Encyclopedia of Evolutionary Psychological Science

Living Edition
| Editors: Todd K. Shackelford, Viviana A. Weekes-Shackelford


  • Olga LazarevaEmail author
Living reference work entry
DOI: https://doi.org/10.1007/978-3-319-16999-6_2759-1


Human Observer Depth Perception Nonhuman Animal Motion Parallax Occlude Object 
These keywords were added by machine and not by the authors. This process is experimental and the keywords may be updated as the learning algorithm improves.



Occlusion is a monocular depth cue produced by partially overlapping objects: Objects that partially block other parts of the scene are perceived to be closer to an observer than the blocked objects.


Like motion parallax, occlusion is a monocular depth cue that does not require integrating information from two retinas. Unlike motion parallax, however, occlusion is a pictorial depth cue that is available in static images. In addition to using occlusion for ordering objects in depth, human observers have a strong tendency to perceive partially occluded objects as being completed behind an occluded surface, a process called visual completion or amodal completion. However, the presence of amodal completion in non-primate species is less explored and, in some cases, controversial.

Occlusion and Visual Completion in Humans and Nonhuman Animals

All organisms inhabit a world filled with opaque objects; thus, their visual systems must constantly deal with recognizing these objects on the basis of their visible parts and ordering them in depth. Human visual system handles these tasks by automatically completing partially occluded objects (Fig. 1); at 7 month of age, infants show both the ability to use occlusion for ordering objects in depth and to amodally complete them (Kavsek 2004).
Fig. 1

An illustration of amodal completion. When shown an image with overlapping objects (a), human observers assume that it consists of complete objects (b) rather than their visible parts (c)

In humans, amodal completion is normally demonstrated by using two-dimensional images similar to those shown in Fig. 1. The observers are asked, either directly or indirectly, to judge whether the occluded image (e.g., a rectangle, Fig. 1a) is more similar to the completed version of that image (e.g., a full rectangle, Fig. 1b) or an incomplete version that presents the portions not obscured by the occluded (Fig. 1c). Although this approach has successfully been used for a number of mammalian species (reviewed by Fujita 2006), many other efforts to demonstrate amodal completion using such images were either unsuccessful (pigeons: Sekuler et al. 1996) or required additional contextual cues or experimental manipulations to induce amodal completion (baboons, Deruelle et al. 2000; pigeons, Nagasaka et al. 2007).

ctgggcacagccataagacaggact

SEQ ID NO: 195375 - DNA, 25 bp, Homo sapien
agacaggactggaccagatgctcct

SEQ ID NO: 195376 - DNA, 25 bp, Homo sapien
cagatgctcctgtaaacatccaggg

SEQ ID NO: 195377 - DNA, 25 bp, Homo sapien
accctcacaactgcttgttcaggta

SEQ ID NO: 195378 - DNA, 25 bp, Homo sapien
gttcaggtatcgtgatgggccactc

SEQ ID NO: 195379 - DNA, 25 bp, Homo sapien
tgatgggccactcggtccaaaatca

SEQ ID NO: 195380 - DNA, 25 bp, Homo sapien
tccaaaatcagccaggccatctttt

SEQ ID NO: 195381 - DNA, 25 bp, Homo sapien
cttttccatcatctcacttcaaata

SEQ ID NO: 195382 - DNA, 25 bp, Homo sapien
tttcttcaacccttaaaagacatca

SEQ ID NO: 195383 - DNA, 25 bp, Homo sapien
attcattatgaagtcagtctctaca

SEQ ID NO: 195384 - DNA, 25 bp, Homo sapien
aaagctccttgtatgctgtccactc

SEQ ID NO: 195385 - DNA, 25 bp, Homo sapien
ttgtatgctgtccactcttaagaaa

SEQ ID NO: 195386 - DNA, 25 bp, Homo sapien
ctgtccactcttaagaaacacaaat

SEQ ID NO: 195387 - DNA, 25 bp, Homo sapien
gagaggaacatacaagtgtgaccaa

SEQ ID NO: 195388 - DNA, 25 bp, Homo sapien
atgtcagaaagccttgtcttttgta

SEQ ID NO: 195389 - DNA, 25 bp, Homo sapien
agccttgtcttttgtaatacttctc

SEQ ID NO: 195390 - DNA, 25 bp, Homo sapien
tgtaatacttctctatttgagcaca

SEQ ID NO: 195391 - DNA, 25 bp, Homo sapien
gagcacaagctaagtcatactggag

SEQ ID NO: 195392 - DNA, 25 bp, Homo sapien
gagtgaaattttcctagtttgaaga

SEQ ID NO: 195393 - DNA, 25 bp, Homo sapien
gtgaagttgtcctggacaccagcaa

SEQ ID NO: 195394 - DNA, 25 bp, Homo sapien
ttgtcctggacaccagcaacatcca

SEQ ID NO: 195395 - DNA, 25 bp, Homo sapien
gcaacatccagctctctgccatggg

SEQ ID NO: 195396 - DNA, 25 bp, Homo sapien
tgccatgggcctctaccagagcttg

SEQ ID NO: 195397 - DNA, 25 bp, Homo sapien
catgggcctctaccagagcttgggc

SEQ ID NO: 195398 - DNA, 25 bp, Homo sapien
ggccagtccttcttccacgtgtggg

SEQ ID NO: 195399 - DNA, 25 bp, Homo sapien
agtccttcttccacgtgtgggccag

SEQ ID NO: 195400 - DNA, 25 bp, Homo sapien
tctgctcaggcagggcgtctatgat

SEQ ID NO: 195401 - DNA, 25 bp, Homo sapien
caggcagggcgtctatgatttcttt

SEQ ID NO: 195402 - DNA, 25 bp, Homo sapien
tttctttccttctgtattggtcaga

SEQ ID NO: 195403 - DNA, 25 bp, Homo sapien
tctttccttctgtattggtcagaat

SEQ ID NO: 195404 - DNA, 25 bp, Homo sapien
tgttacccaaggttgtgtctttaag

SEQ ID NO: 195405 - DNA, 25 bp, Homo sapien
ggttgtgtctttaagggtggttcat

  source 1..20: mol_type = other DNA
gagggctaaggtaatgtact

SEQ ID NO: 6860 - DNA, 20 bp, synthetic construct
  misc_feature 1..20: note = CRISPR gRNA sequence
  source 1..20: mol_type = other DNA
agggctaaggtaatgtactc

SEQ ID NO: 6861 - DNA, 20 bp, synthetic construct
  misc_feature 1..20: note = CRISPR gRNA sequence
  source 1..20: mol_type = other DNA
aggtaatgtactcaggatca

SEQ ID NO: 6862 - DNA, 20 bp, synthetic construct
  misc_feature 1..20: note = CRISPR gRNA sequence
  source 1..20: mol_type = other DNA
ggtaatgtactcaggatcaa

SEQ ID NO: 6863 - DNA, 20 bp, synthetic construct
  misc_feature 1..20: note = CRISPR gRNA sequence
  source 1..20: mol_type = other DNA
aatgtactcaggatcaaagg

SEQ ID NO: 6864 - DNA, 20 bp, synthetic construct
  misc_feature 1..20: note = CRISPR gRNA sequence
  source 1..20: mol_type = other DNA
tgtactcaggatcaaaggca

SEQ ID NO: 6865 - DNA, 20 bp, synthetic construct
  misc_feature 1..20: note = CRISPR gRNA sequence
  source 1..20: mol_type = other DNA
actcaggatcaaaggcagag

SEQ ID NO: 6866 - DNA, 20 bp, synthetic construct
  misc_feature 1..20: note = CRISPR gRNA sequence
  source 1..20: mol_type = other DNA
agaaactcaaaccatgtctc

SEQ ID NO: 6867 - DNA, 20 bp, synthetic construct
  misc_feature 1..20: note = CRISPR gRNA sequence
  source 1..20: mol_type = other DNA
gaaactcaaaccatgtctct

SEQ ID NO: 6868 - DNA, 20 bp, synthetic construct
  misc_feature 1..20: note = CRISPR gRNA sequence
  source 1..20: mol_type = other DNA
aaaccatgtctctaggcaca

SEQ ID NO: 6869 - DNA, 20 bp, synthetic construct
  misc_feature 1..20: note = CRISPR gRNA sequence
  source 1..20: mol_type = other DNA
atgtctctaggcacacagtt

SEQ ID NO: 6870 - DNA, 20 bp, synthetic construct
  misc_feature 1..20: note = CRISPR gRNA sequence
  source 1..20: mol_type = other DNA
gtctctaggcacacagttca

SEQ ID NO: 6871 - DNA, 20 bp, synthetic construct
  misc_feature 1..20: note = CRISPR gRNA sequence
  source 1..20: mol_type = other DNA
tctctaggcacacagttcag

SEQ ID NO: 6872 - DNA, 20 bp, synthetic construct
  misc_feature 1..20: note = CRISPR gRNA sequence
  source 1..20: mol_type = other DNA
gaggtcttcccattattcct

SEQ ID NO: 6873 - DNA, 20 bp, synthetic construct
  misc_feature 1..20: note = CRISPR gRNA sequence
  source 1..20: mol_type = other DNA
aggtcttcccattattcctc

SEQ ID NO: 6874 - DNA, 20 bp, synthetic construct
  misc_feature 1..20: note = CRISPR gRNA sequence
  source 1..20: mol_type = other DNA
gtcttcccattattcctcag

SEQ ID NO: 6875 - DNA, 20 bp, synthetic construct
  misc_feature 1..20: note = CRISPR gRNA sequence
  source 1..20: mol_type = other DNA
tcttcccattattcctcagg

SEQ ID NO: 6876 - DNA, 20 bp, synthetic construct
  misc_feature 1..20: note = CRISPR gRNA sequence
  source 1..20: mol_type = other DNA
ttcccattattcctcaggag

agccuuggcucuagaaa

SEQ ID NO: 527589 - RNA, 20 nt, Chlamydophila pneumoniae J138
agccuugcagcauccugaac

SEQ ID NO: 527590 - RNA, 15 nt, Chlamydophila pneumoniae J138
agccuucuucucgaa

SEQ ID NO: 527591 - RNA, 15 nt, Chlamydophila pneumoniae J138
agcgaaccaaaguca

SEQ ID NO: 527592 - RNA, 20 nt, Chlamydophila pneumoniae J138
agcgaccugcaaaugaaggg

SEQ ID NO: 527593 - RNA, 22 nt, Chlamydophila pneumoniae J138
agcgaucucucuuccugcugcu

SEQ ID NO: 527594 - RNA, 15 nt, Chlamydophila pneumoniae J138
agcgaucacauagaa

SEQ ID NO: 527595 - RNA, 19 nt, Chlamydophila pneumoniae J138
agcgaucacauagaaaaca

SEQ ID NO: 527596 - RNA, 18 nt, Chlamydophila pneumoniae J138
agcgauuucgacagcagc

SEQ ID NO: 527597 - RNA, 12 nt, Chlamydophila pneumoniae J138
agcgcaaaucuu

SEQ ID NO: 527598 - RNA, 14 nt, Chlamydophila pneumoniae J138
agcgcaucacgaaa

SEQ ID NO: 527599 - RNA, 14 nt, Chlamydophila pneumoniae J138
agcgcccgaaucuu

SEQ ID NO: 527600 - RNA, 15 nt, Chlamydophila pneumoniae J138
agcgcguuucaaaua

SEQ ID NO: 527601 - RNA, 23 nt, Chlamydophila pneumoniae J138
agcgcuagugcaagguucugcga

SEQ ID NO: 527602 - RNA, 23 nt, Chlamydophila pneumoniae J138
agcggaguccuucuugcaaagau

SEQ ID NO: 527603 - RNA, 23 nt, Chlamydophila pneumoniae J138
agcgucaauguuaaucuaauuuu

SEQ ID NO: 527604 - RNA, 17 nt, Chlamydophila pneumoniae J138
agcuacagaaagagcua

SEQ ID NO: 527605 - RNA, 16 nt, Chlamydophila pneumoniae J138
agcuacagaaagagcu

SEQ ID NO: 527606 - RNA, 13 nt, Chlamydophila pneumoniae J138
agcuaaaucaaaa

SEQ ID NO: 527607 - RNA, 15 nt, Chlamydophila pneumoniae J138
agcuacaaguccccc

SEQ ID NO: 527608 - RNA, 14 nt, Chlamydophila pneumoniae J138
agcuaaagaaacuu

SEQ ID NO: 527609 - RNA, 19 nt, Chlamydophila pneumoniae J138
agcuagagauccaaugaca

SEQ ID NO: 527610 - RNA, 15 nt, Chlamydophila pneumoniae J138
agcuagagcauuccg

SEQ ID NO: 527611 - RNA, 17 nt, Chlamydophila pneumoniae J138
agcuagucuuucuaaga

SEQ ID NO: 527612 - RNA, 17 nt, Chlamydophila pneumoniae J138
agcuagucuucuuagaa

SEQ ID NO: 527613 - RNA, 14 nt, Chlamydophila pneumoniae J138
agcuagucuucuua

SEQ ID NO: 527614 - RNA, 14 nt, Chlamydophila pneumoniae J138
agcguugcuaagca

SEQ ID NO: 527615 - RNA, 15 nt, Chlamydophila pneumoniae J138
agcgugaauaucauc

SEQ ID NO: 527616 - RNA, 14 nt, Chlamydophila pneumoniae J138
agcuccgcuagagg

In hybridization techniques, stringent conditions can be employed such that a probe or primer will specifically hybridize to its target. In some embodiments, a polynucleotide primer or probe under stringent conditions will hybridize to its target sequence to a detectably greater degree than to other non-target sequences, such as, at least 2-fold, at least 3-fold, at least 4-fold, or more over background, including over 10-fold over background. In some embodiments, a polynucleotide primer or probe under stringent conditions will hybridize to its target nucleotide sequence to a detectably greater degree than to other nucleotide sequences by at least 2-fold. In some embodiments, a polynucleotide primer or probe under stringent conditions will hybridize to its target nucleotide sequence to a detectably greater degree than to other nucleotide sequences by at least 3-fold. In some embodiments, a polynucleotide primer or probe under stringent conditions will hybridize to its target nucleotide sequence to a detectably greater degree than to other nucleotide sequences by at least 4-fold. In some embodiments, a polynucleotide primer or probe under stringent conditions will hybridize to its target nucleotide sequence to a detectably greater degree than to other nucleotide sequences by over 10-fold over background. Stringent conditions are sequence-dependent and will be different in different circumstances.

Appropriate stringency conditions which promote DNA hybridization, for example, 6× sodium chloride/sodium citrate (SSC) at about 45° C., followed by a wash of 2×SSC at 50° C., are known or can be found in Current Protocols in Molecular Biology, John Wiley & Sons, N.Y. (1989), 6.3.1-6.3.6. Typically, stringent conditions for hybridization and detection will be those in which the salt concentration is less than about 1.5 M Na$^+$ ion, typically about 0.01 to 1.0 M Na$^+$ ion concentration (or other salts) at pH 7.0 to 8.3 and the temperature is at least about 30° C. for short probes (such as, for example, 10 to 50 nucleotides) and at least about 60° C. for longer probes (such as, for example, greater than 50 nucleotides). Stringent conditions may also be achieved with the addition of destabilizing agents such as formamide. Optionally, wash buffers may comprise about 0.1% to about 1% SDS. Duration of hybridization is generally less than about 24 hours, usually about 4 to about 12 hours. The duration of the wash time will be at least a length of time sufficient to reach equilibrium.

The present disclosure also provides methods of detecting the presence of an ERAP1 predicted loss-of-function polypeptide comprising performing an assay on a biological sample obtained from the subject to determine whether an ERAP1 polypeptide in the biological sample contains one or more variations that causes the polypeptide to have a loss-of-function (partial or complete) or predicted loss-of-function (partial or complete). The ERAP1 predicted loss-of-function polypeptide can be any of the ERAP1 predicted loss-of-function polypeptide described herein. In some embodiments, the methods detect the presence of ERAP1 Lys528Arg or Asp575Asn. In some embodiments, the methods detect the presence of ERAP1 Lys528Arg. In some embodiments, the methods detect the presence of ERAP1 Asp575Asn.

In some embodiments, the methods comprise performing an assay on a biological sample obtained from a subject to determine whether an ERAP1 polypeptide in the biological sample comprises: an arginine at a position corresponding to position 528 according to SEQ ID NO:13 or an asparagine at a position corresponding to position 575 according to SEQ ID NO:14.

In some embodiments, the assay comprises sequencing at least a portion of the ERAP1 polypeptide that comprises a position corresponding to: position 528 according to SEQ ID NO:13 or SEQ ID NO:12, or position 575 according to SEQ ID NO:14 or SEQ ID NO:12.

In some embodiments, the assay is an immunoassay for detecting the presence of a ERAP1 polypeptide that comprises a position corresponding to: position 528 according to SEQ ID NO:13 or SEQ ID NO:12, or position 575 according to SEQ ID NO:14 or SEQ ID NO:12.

In contrast, experiments using real three-dimensional objects consistently revealed amodal completion in a variety of species (fish, Sovrano and Bisazza 2008; baboons, Deruelle et al. 2000). Moreover, pigeons have recently been shown to use occlusion for ordering two-dimensional objects in depth (Cavoto and Cook 2006), further suggesting that they may be capable of amodally completing objects in certain circumstances.

On the other hand, pigeons have also been shown to experience difficulties in recognizing pictures of occluded objects without additional experimental manipulations (Aust and Huber 2006; Lazareva et al. 2007). It is therefore possible that their depth perception in two-dimensional images is generally impaired unless motion-induced cues such as motion parallax are available. Unfortunately, there are no current studies exploring pigeons’ (or any other bird species) amodal completion with static three-dimensional objects; thus, the conclusions about the generality of monocular depth cues in avian vision must await further comparative research. Finally, there is no current evidence to suggest that insects or other invertebrates either recognize partially occluded objects or amodally complete them (Baum et al. 2014).


Human observers experience little difficulty in navigating the world filled with partially occluded objects, possibly due to their ability to spontaneously perceive partially occluded surfaces as complete. Although animals must undoubtedly face the same problems, the evidence for the ability of vertebrate animals to recognize partially occluded objects and to amodally complete them remains mixed; it is currently unknown whether invertebrates employ amodal completion or use occlusion as a depth cue.



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Copyright information

© Springer International Publishing AG 2017

Authors and Affiliations

  1. 1.Drake UniversityDes MoinesUSA

Section editors and affiliations

  • Russell Jackson
    • 1
  1. 1.University of IdahoMoscowUSA